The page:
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Staff file photo / Downtown Chattanooga is seen from an overlook in the TVA's Raccoon Mountain Pumped Storage Facility.

The Biden Administration last month announced a new strategy to combat rising violent crimes in major cities, including using federal COVID-19 funds to help get a handle on the rising violent crime rate.

In Chattanooga, violent crimes — which include murder, rape, robbery and aggravated assault — rose by 11% from 2019 to 2020. Although the number of murders and domestic aggravated assault slightly decreased, the rate at which violent crimes increased was in line with national trends.

Violent crime in Chattanooga is up nearly 16%, comparing the first five months of 2020 to 2021, according to the police department.

The Hamilton County Sheriff's Office reported similar numbers. Violent crimes increased 11% in the county, and gun-related violent crimes increased by 52% (up from 19 to 29). Calls and incidents of robberies, murders, rape and sexual assaults had all increased in 2020.

The most prevalent gun-related violent crimes came from aggravated assaults. In 2019, the Hamilton County Sheriff's Office responded to 16 aggravated assault calls that involved a gun and in 2020 responded to 24 such calls.

Gun-related violent crimes were up from 2019, according to figures compiled by the Hamilton County Sheriff's Office. A spokesperson for the Chattanooga Police Department said gun-related violent crimes were not specifically tracked and the narrative for each case would have to be read to determine those numbers. In any case, violent crimes for both departments saw increases, which would fit the criteria for the president's new program.

Biden plan

The Biden administration plan aims to:

* Stem the flow of firearms used to commit violence, including by holding rogue firearms dealers accountable for violating federal laws.

* Support local law enforcement with federal tools and resources to help address summer violent crime.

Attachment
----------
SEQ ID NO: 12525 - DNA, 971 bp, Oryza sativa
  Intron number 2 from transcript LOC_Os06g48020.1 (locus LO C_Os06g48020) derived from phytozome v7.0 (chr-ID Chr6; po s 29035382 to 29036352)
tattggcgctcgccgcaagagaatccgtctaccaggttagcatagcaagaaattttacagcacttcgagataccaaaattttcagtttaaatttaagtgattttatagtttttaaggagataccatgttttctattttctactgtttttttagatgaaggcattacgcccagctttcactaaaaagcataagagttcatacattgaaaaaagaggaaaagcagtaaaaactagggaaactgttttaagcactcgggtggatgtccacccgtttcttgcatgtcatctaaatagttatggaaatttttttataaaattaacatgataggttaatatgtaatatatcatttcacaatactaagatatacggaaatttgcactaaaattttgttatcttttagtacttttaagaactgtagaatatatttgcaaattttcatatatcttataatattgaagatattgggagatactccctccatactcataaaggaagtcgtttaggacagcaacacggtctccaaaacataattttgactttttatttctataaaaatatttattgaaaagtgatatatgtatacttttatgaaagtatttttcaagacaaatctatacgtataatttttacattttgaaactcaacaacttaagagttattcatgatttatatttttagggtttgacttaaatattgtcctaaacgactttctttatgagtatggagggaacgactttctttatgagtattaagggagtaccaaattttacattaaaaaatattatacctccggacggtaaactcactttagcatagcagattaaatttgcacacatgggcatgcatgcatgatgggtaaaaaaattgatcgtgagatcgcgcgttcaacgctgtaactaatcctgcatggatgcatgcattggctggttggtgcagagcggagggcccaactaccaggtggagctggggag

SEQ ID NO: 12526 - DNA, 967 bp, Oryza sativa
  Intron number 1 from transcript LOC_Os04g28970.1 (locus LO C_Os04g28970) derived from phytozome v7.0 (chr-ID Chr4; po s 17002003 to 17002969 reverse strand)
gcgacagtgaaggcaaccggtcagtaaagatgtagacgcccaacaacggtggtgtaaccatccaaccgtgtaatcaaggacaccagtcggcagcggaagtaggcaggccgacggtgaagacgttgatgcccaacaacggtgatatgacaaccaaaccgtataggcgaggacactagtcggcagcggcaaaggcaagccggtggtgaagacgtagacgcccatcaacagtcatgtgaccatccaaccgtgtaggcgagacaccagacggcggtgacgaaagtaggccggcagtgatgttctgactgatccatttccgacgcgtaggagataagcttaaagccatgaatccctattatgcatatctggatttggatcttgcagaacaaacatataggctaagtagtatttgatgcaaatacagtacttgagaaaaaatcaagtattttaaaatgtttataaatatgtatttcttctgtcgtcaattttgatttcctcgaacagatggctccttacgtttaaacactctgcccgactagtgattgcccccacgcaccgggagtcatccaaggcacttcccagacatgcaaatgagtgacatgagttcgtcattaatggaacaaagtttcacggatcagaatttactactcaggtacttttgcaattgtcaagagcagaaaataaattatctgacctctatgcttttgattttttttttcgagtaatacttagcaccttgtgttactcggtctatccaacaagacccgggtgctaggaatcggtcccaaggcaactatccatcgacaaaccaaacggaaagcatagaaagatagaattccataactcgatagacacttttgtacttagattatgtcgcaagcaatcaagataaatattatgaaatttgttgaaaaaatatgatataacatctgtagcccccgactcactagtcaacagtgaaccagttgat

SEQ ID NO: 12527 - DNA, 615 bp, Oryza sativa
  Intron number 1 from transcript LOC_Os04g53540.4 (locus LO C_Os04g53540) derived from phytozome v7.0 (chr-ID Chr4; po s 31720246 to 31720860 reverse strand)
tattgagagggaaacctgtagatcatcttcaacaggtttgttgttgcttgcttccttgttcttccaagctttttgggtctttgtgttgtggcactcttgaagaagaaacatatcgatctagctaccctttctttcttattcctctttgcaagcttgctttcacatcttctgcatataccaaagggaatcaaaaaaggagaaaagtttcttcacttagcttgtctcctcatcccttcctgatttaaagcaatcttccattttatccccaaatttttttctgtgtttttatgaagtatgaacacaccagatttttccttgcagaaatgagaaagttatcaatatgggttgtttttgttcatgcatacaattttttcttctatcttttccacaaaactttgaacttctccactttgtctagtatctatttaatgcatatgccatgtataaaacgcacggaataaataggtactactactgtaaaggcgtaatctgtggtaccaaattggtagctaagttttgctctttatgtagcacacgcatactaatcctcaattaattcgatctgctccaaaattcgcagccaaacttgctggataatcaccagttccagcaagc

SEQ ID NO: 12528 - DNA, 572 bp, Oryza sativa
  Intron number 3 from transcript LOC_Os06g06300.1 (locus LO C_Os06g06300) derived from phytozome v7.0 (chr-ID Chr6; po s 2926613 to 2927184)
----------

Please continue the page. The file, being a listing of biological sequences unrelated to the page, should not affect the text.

* Invest in evidence-based community violence interventions.

* Expand summer programming, employment opportunities and other services and supports for teenagers and young adults.

* Help formerly incarcerated individuals successfully reenter their communities.

The Biden administration's plan is to focus on curbing violent crimes by attacking "the root causes – including by addressing the flow of firearms used to commit crimes." The way the administration plans to help fund those initiatives is to use some of the federal COVID-19 relief funds because, it argues, the rise in violent crimes is related to the coronavirus pandemic, calling it a "secondary consequence of the pandemic."

Of the $1.9 trillion American Rescue Plan economic stimulus package passed in response to the COVID-19 pandemic, $350 billion will be earmarked for state, local, territorial and tribal governments and those entities could use the funds at their discretion.

Local governments like Chattanooga and Hamilton County will be able to apply for funds to hire more police, pay to support proven community programs and other investments "that we know will reduce crime and make our neighborhoods safer," the White House said.

According to the White House, homicides rose 30%, and gun assaults rose 8% in large cities from 2019 to 2020. Homicides were up 24% in the first quarter of 2021 compared to 2020 and nearly 59% higher than in the first quarter of 2019.

The plan also designates a specific role for 15 cities — including Atlanta and Memphis — that are committing to use the money to respond to a potential rise in violence this summer.

Another focus of the strategy will be to stop or slow down the flow of illegal or illegally acquired firearms. The White House said in its statement that to do this, the nation will need much stricter policing of gun dealers.

The administration plans on cracking down on licensed gun dealers who could have their license revoked the first time they sell a gun to someone they shouldn't, fail to run a background check before a sale and fail to respond to a federal tracing request, among other things.

Chattanooga Director of Special Projects Ellis Smith told the Times Free Press that the city is "awaiting the final rule before moving forward," when considering how it will use the federal money, like hiring more police officers and deciding which programs to financially support to help the rise in violent crime. Hamilton County Mayor Jim Coppinger said much the same.

Contact Patrick Filbin at pfilbin@timesfreepress.com or 423-757-6476. Follow him on Twitter @PatrickFilbin.

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